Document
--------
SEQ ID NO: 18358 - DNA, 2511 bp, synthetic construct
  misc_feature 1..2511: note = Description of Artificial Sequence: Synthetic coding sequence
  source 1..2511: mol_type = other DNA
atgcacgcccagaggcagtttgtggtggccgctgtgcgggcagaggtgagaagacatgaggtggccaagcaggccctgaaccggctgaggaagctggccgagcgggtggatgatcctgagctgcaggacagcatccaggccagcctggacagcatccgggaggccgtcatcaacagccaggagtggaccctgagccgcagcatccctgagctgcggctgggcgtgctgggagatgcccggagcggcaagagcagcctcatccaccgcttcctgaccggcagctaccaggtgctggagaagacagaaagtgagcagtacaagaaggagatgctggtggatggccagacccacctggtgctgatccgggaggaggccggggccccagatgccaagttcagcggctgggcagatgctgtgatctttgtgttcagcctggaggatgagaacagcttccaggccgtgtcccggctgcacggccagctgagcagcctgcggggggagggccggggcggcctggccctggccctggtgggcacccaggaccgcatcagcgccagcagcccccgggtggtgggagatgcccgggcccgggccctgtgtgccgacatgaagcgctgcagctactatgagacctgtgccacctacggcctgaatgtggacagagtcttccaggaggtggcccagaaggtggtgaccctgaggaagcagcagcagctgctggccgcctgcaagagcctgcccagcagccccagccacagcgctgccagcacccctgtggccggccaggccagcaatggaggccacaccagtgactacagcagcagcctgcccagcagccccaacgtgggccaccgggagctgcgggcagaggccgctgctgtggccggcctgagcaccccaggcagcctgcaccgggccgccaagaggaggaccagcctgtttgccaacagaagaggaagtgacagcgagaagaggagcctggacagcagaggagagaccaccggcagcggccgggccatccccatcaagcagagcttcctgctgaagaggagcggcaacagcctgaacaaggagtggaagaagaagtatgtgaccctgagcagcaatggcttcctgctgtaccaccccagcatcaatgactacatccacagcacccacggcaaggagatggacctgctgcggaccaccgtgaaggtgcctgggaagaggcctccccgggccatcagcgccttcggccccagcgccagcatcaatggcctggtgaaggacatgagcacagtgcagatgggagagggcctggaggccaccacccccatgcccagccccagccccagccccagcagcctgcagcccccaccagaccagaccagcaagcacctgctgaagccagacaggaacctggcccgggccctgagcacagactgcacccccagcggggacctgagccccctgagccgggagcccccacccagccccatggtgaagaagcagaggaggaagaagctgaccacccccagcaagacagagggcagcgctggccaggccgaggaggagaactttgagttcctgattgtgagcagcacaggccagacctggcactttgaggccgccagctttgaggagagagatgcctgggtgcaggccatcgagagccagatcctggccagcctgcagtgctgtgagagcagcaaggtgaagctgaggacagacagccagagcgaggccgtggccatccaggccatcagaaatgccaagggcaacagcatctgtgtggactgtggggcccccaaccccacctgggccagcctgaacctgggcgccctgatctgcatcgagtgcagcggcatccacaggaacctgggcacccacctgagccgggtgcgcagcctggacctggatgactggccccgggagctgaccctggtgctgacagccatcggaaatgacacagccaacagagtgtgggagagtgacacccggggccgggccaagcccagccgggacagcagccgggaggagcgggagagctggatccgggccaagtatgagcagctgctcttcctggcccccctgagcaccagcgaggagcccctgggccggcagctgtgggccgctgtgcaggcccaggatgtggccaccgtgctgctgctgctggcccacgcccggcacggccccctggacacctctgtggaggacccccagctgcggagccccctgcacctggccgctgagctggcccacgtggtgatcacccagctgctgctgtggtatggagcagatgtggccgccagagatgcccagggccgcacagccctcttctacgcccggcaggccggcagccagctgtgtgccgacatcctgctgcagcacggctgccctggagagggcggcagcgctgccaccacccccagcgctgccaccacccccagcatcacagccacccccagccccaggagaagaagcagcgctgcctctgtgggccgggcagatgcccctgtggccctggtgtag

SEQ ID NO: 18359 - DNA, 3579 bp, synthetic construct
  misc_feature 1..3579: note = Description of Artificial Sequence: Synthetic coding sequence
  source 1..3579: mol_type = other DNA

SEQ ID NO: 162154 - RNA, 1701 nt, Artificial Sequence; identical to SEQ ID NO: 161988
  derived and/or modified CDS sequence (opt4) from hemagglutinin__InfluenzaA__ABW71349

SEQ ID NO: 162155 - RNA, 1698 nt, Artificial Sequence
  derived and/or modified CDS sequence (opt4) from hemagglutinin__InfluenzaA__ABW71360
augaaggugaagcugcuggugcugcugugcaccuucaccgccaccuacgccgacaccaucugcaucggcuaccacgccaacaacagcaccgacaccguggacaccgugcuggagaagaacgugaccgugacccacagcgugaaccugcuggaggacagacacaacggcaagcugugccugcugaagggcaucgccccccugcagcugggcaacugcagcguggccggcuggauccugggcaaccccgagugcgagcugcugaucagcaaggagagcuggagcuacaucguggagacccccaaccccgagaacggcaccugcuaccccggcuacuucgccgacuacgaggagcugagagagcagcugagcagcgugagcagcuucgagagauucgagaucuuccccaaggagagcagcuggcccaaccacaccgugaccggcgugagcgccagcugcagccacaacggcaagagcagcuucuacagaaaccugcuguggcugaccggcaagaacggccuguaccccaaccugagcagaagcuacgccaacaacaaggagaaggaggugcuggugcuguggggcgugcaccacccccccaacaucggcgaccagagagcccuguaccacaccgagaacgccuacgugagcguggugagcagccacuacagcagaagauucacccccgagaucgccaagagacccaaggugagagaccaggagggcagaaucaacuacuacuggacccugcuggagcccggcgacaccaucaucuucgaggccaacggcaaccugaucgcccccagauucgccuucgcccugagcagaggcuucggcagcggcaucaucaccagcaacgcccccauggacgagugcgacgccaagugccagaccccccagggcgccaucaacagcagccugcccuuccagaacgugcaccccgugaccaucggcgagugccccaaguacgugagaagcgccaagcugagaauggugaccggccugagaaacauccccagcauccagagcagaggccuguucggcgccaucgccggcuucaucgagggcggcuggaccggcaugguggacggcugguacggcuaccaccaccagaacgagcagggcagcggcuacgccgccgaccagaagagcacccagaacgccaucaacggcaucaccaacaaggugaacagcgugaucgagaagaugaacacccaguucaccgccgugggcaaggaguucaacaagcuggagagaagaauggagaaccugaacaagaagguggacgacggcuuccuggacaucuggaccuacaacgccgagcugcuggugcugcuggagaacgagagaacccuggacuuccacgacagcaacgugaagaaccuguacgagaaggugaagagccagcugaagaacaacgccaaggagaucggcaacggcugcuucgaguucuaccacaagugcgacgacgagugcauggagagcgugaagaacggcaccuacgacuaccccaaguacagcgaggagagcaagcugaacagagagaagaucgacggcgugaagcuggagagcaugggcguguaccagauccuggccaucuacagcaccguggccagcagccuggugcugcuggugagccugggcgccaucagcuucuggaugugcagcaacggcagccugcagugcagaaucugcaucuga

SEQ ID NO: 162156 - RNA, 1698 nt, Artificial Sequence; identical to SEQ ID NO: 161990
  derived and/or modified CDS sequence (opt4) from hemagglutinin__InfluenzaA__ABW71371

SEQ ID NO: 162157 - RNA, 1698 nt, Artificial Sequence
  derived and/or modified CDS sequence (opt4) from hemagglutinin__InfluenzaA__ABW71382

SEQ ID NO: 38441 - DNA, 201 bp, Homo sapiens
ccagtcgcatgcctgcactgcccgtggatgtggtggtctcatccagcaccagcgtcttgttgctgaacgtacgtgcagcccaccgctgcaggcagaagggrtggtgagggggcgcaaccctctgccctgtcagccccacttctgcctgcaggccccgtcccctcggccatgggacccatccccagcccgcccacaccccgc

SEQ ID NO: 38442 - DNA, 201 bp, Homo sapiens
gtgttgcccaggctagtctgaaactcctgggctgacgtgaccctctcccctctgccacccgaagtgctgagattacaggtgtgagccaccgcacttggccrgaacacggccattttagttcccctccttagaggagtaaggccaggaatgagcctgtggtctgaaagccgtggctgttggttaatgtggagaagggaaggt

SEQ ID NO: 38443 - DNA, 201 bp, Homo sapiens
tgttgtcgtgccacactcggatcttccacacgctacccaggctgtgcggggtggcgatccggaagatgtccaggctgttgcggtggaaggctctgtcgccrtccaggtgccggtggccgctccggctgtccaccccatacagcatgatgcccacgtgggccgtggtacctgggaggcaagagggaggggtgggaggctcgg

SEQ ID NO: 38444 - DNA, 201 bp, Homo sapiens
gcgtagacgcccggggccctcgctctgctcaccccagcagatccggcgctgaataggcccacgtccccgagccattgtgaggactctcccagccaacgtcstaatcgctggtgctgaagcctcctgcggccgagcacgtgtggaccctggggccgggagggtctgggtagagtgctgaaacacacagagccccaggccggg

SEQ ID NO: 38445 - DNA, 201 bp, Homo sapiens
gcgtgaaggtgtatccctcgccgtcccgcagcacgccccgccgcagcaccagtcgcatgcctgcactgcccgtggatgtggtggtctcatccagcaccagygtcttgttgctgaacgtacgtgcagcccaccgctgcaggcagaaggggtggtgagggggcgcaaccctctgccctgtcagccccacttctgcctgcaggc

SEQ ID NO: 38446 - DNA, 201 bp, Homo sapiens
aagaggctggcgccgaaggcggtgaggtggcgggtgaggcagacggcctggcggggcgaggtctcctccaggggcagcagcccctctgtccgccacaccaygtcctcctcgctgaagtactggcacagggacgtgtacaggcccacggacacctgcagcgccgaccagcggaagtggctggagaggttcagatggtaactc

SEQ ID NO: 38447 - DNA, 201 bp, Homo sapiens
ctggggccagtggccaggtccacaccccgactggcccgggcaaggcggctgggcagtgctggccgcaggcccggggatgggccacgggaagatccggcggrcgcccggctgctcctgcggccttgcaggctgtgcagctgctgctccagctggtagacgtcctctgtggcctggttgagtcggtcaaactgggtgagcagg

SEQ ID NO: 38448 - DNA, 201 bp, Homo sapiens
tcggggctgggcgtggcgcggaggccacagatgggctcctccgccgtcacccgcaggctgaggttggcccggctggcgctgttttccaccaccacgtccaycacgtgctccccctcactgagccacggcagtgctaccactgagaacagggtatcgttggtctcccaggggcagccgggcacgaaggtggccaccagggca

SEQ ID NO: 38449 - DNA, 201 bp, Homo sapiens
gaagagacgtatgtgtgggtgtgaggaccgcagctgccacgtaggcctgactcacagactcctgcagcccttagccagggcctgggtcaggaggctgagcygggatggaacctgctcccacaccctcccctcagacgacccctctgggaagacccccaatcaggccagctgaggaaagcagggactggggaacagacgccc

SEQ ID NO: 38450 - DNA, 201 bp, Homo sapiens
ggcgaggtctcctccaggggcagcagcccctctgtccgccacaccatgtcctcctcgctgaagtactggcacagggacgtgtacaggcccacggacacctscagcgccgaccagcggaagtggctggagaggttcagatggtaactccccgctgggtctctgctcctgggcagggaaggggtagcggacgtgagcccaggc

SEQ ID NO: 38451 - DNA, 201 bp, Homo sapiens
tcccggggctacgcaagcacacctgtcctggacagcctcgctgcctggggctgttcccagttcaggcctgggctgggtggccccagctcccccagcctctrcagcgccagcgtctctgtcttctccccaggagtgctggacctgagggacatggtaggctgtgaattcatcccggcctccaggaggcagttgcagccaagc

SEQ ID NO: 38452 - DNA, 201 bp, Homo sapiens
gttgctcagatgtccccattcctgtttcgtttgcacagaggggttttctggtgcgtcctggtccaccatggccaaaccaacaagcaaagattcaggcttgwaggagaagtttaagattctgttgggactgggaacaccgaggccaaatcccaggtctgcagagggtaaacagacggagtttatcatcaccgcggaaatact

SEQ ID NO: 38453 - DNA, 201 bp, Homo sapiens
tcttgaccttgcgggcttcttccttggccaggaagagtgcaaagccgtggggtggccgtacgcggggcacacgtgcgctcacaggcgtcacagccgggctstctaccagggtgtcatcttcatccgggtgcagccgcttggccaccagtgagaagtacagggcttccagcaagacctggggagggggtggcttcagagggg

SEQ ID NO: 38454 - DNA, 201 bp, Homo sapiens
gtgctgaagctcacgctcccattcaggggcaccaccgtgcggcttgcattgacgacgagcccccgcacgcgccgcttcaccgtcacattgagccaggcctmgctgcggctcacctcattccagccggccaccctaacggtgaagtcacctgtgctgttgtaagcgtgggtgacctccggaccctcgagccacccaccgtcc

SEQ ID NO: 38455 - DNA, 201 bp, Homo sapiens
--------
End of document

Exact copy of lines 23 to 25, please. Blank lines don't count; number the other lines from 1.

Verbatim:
SEQ ID NO: 38444 - DNA, 201 bp, Homo sapiens
gcgtagacgcccggggccctcgctctgctcaccccagcagatccggcgctgaataggcccacgtccccgagccattgtgaggactctcccagccaacgtcstaatcgctggtgctgaagcctcctgcggccgagcacgtgtggaccctggggccgggagggtctgggtagagtgctgaaacacacagagccccaggccggg

SEQ ID NO: 38445 - DNA, 201 bp, Homo sapiens